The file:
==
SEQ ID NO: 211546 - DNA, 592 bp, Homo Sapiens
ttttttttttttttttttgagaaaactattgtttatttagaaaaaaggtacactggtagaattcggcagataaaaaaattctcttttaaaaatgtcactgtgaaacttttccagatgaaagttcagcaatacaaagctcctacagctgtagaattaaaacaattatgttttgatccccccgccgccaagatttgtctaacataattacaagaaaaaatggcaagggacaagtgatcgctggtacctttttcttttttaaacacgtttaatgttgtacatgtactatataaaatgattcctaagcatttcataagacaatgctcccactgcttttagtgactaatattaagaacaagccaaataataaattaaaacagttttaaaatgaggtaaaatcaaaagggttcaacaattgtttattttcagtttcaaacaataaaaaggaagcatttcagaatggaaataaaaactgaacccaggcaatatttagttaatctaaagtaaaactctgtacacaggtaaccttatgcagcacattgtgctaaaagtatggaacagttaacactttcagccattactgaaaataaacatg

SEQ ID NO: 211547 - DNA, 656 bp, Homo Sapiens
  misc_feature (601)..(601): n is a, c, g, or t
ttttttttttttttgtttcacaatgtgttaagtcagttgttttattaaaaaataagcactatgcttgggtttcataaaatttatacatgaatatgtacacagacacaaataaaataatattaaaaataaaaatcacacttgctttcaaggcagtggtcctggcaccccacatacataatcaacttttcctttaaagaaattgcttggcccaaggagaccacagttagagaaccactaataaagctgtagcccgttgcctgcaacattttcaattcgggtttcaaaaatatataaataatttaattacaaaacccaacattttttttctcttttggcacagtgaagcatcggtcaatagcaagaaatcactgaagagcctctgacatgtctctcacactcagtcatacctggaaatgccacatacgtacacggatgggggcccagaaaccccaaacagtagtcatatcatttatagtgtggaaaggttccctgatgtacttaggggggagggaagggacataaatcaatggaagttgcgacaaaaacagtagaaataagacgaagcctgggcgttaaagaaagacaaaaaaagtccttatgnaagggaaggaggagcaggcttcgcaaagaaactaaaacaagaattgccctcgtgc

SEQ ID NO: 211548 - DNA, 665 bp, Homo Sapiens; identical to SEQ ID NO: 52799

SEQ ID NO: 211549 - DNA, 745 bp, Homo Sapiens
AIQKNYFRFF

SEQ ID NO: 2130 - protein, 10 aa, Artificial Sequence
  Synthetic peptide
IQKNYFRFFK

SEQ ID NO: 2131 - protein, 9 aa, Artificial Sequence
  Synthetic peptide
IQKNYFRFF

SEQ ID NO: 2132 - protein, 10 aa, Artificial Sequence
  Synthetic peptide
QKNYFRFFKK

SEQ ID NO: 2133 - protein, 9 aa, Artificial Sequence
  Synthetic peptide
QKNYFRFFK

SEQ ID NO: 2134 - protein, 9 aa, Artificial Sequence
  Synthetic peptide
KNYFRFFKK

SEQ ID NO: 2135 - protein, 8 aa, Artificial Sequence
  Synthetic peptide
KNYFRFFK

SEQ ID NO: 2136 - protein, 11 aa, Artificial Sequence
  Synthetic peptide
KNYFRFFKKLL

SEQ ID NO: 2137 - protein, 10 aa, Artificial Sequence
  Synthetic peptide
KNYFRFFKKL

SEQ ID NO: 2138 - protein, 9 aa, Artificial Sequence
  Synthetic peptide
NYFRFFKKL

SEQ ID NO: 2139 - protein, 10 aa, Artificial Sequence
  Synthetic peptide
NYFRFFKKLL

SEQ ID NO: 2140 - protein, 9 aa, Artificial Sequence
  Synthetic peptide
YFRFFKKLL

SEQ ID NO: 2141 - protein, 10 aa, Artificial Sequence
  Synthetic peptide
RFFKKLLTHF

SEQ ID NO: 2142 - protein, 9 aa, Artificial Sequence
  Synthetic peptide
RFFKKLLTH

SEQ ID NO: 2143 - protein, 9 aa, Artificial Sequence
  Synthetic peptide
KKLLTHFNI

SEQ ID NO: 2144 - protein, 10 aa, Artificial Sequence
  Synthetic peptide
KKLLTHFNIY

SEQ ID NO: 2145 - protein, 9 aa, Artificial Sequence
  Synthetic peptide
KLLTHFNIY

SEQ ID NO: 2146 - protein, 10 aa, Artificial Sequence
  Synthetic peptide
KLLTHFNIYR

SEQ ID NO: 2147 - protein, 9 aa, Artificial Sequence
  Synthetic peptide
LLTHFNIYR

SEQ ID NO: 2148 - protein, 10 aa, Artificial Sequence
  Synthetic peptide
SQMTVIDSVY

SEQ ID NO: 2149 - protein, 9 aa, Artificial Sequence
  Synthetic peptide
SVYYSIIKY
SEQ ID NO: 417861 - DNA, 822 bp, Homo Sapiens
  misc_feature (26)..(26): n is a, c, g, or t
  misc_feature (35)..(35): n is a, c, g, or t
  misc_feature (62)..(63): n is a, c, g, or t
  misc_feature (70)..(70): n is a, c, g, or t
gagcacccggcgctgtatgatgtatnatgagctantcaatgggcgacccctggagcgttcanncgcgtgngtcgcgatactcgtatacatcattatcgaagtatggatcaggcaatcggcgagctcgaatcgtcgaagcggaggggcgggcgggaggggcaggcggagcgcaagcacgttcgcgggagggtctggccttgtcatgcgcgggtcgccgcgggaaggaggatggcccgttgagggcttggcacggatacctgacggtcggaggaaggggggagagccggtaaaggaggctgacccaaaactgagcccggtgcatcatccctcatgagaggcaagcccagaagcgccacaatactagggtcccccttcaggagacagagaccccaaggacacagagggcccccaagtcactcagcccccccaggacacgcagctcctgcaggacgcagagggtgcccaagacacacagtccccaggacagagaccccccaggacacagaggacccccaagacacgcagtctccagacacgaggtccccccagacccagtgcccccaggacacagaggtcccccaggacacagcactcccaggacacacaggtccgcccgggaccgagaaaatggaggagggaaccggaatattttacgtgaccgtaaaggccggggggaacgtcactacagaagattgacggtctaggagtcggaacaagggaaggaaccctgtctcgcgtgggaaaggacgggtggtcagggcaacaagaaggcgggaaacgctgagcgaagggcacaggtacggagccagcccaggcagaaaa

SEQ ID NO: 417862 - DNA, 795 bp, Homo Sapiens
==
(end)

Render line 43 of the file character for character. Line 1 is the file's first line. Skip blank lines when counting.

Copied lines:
  Synthetic peptide